... they’re all made out of ticky tacky, and they all look just the same.
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Postby Mori » Sat Oct 08, 2005 5:10 pm

Recent progress of the new Finnieston Bridge, south and north riverbanks under construction @ the moment. :D

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Postby McShad » Sat Oct 08, 2005 6:59 pm

Such a shame that crane hasnt budged an inch in so long.... I hope they arent letting it slide into a state of disrepair.

Oh.. and when I win the lottery.... that south rotunda is MINE! It'll be my pad... the bedroom right at the top with that magnificent window.... all round the roof... perhaps a north facing living room with a panoramic view of the clyde
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Postby The_Clincher » Sat Nov 19, 2005 5:20 pm

Fine pictures there!! were those done using a traditional SLR or by one of these new fangled digital SLR's? Either way, i'm very impressed...i used to do a lot of SLR work, but have'nt kept up with that particular type of technology for a while...excellent stuff!
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Postby Mori » Mon Feb 27, 2006 5:28 pm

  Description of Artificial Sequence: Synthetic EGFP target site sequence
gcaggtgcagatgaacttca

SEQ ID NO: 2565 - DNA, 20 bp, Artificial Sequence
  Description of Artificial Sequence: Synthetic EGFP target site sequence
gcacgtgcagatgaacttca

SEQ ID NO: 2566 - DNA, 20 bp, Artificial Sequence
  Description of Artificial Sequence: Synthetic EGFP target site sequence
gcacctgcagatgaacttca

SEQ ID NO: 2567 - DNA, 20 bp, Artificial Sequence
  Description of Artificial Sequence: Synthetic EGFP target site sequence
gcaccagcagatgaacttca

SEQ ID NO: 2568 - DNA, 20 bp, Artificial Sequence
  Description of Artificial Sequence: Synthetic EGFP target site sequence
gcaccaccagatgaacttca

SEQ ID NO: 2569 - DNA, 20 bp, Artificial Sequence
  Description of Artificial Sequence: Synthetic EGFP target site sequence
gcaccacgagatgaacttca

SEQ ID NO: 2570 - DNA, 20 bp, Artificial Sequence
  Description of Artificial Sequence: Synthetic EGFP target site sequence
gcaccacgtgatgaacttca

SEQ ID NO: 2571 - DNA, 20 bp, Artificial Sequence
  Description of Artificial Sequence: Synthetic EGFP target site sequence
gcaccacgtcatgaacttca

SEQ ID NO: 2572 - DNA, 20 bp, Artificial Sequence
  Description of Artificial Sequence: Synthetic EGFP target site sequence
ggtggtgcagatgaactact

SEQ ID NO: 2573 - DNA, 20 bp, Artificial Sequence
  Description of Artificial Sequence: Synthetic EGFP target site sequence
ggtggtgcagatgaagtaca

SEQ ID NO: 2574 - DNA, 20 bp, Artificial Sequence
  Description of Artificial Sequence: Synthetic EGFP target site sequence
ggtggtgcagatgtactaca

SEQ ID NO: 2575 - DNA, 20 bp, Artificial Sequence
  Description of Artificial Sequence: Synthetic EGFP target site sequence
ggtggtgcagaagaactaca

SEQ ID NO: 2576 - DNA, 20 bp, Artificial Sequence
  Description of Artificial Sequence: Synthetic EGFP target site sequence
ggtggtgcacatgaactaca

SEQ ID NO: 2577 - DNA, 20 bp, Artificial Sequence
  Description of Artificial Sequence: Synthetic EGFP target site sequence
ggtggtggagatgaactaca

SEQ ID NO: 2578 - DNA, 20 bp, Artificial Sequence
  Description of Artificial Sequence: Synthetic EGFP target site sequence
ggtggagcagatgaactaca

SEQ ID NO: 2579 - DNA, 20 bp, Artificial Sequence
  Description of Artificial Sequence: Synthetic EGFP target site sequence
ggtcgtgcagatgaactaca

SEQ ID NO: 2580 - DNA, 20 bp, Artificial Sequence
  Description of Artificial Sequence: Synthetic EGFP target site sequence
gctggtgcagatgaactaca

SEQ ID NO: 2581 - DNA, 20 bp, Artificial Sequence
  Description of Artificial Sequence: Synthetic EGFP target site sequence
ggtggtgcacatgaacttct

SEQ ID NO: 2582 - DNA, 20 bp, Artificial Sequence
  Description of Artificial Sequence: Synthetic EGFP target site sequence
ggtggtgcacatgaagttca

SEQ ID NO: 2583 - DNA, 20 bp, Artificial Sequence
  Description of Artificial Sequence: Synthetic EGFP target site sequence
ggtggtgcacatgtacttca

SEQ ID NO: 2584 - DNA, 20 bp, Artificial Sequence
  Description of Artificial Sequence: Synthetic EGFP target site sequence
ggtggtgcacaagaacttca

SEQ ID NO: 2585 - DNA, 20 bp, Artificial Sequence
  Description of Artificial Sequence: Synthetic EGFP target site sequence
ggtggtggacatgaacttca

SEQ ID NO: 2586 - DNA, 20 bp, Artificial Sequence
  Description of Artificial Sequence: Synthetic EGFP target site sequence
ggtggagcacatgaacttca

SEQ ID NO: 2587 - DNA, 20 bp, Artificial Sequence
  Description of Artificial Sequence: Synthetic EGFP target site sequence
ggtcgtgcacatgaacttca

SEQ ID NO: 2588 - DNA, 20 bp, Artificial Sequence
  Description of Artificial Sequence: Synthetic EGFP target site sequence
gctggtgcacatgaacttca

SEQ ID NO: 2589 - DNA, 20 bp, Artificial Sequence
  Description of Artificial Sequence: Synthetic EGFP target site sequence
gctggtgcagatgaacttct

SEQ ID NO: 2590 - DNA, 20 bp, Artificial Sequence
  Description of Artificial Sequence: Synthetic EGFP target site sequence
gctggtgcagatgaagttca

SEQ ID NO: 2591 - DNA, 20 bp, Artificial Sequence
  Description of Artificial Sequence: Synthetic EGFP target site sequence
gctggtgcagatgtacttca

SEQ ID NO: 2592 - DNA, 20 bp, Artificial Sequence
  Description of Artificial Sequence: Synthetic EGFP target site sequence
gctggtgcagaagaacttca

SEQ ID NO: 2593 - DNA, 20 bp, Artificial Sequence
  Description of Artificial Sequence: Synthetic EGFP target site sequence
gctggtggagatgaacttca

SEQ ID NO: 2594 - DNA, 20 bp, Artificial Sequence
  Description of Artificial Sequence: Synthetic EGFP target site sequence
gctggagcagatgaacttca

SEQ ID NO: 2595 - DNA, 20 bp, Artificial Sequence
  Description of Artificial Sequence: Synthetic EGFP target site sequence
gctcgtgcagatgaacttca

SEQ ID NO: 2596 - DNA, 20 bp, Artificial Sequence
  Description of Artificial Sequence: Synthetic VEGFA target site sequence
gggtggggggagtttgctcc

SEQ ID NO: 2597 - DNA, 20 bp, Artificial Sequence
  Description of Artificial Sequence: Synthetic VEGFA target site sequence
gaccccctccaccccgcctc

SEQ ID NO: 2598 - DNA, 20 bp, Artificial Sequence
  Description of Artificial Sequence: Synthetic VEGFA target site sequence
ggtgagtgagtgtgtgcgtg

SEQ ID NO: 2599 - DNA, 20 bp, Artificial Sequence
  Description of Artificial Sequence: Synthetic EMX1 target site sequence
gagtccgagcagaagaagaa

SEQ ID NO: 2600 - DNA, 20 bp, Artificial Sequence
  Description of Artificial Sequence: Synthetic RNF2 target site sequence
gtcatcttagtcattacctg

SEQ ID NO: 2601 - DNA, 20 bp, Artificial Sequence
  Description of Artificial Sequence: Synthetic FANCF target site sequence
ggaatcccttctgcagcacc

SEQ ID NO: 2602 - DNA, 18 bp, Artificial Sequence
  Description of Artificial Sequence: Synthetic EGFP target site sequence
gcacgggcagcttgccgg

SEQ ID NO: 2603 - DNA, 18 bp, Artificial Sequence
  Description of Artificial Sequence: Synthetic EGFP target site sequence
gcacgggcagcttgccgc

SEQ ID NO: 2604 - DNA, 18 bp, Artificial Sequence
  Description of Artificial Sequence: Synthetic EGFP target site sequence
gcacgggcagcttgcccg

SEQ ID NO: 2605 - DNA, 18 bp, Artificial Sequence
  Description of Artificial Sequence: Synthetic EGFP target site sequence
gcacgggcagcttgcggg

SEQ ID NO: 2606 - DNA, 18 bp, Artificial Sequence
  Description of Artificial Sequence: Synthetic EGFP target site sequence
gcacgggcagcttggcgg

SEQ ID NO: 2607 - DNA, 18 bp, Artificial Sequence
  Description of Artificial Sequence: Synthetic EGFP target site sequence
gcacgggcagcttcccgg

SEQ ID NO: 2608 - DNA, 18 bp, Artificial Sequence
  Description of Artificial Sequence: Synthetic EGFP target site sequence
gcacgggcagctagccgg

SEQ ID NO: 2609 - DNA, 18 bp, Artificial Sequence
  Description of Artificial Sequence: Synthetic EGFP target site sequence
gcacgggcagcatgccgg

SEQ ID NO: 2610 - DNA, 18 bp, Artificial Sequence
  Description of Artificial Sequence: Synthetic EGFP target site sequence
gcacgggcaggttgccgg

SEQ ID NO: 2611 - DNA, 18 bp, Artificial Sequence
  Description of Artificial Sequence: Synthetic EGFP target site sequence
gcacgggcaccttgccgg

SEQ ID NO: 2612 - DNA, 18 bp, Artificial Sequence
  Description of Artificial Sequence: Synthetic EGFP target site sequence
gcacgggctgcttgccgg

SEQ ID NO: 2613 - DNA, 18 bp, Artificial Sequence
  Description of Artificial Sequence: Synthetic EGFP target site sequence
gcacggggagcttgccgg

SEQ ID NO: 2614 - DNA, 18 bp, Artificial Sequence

http://www.eveningtimes.co.uk/hi/news/5049373.html
Squinty Bridge gets its arch
WORK on Glasgow's Squinty Bridge took another step forward with the arrival on site of its massive arch.
Finnieston Bridge, its proper name, is being built for better access to the Pacific Quay on the south of the River Clyde.And the latest addition will be key to forming the distinctive arch which will make the bridge an instantly recognisable landmark on the Clyde.
The latest piece of the futuristic structure is the equivalent of the keystone in a traditional stone bridge.
But the role of supporting the arch is given over to a girder which will hold the cables supporting the weight of traffic below.
The £23.5million structure should be finished in the summer, helping to attract 3500 jobs as companies such as the BBC and Scottish TV relocate